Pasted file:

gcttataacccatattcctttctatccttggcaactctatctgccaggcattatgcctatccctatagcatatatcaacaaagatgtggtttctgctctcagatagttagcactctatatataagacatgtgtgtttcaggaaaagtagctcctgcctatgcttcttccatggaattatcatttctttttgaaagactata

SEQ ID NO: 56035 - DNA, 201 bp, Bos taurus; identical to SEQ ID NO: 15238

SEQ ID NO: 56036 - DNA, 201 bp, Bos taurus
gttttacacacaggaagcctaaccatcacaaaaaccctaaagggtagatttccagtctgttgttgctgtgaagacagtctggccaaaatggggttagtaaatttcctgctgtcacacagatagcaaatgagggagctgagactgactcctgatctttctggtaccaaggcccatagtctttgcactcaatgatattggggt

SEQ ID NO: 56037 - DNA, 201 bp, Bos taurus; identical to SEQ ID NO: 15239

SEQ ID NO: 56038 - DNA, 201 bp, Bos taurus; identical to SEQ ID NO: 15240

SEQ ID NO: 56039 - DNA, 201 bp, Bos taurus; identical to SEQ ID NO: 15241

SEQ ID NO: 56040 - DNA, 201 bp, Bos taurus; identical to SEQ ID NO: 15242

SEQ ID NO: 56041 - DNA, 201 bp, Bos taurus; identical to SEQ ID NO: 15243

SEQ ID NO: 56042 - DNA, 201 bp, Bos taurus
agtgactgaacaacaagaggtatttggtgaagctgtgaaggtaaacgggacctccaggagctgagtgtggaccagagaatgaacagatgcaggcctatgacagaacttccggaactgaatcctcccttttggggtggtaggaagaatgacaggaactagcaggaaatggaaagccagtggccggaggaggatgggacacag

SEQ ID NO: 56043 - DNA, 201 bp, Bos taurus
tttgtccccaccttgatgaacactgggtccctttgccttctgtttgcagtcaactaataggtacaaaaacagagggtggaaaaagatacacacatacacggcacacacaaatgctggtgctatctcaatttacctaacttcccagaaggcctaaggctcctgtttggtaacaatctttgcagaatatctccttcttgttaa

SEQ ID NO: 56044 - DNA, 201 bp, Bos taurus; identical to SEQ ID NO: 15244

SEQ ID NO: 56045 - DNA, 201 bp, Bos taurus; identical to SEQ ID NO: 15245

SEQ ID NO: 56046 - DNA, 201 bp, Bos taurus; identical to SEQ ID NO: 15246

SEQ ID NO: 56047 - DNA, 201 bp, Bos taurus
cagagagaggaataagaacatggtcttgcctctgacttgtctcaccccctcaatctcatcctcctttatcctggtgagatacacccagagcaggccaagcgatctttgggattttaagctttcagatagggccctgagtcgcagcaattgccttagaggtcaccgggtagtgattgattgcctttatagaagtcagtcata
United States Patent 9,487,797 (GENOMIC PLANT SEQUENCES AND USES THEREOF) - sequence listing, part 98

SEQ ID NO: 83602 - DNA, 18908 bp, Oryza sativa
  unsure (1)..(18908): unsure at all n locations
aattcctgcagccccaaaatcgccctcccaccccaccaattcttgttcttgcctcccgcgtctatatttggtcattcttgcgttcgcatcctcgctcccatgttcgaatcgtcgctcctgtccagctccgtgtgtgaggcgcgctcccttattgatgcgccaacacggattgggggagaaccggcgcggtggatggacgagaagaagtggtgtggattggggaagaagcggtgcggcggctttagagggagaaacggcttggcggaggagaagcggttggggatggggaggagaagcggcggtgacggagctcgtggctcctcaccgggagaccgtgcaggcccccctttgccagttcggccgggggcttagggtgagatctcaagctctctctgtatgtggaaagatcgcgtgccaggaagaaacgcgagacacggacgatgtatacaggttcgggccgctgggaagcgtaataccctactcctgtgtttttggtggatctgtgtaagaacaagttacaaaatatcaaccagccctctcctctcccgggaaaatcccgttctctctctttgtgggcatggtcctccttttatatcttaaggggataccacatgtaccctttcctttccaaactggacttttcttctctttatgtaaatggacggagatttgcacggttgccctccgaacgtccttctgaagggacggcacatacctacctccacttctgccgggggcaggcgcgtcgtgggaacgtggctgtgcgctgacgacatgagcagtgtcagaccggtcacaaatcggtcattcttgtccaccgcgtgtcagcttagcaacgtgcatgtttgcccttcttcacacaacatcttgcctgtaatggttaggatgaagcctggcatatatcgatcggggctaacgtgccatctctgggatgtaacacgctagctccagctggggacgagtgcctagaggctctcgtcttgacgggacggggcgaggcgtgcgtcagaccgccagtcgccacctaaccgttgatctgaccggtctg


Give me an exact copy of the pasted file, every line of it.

gcttataacccatattcctttctatccttggcaactctatctgccaggcattatgcctatccctatagcatatatcaacaaagatgtggtttctgctctcagatagttagcactctatatataagacatgtgtgtttcaggaaaagtagctcctgcctatgcttcttccatggaattatcatttctttttgaaagactata

SEQ ID NO: 56035 - DNA, 201 bp, Bos taurus; identical to SEQ ID NO: 15238

SEQ ID NO: 56036 - DNA, 201 bp, Bos taurus
gttttacacacaggaagcctaaccatcacaaaaaccctaaagggtagatttccagtctgttgttgctgtgaagacagtctggccaaaatggggttagtaaatttcctgctgtcacacagatagcaaatgagggagctgagactgactcctgatctttctggtaccaaggcccatagtctttgcactcaatgatattggggt

SEQ ID NO: 56037 - DNA, 201 bp, Bos taurus; identical to SEQ ID NO: 15239

SEQ ID NO: 56038 - DNA, 201 bp, Bos taurus; identical to SEQ ID NO: 15240

SEQ ID NO: 56039 - DNA, 201 bp, Bos taurus; identical to SEQ ID NO: 15241

SEQ ID NO: 56040 - DNA, 201 bp, Bos taurus; identical to SEQ ID NO: 15242

SEQ ID NO: 56041 - DNA, 201 bp, Bos taurus; identical to SEQ ID NO: 15243

SEQ ID NO: 56042 - DNA, 201 bp, Bos taurus
agtgactgaacaacaagaggtatttggtgaagctgtgaaggtaaacgggacctccaggagctgagtgtggaccagagaatgaacagatgcaggcctatgacagaacttccggaactgaatcctcccttttggggtggtaggaagaatgacaggaactagcaggaaatggaaagccagtggccggaggaggatgggacacag

SEQ ID NO: 56043 - DNA, 201 bp, Bos taurus
tttgtccccaccttgatgaacactgggtccctttgccttctgtttgcagtcaactaataggtacaaaaacagagggtggaaaaagatacacacatacacggcacacacaaatgctggtgctatctcaatttacctaacttcccagaaggcctaaggctcctgtttggtaacaatctttgcagaatatctccttcttgttaa

SEQ ID NO: 56044 - DNA, 201 bp, Bos taurus; identical to SEQ ID NO: 15244

SEQ ID NO: 56045 - DNA, 201 bp, Bos taurus; identical to SEQ ID NO: 15245

SEQ ID NO: 56046 - DNA, 201 bp, Bos taurus; identical to SEQ ID NO: 15246

SEQ ID NO: 56047 - DNA, 201 bp, Bos taurus
cagagagaggaataagaacatggtcttgcctctgacttgtctcaccccctcaatctcatcctcctttatcctggtgagatacacccagagcaggccaagcgatctttgggattttaagctttcagatagggccctgagtcgcagcaattgccttagaggtcaccgggtagtgattgattgcctttatagaagtcagtcata
United States Patent 9,487,797 (GENOMIC PLANT SEQUENCES AND USES THEREOF) - sequence listing, part 98

SEQ ID NO: 83602 - DNA, 18908 bp, Oryza sativa
  unsure (1)..(18908): unsure at all n locations
aattcctgcagccccaaaatcgccctcccaccccaccaattcttgttcttgcctcccgcgtctatatttggtcattcttgcgttcgcatcctcgctcccatgttcgaatcgtcgctcctgtccagctccgtgtgtgaggcgcgctcccttattgatgcgccaacacggattgggggagaaccggcgcggtggatggacgagaagaagtggtgtggattggggaagaagcggtgcggcggctttagagggagaaacggcttggcggaggagaagcggttggggatggggaggagaagcggcggtgacggagctcgtggctcctcaccgggagaccgtgcaggcccccctttgccagttcggccgggggcttagggtgagatctcaagctctctctgtatgtggaaagatcgcgtgccaggaagaaacgcgagacacggacgatgtatacaggttcgggccgctgggaagcgtaataccctactcctgtgtttttggtggatctgtgtaagaacaagttacaaaatatcaaccagccctctcctctcccgggaaaatcccgttctctctctttgtgggcatggtcctccttttatatcttaaggggataccacatgtaccctttcctttccaaactggacttttcttctctttatgtaaatggacggagatttgcacggttgccctccgaacgtccttctgaagggacggcacatacctacctccacttctgccgggggcaggcgcgtcgtgggaacgtggctgtgcgctgacgacatgagcagtgtcagaccggtcacaaatcggtcattcttgtccaccgcgtgtcagcttagcaacgtgcatgtttgcccttcttcacacaacatcttgcctgtaatggttaggatgaagcctggcatatatcgatcggggctaacgtgccatctctgggatgtaacacgctagctccagctggggacgagtgcctagaggctctcgtcttgacgggacggggcgaggcgtgcgtcagaccgccagtcgccacctaaccgttgatctgaccggtctg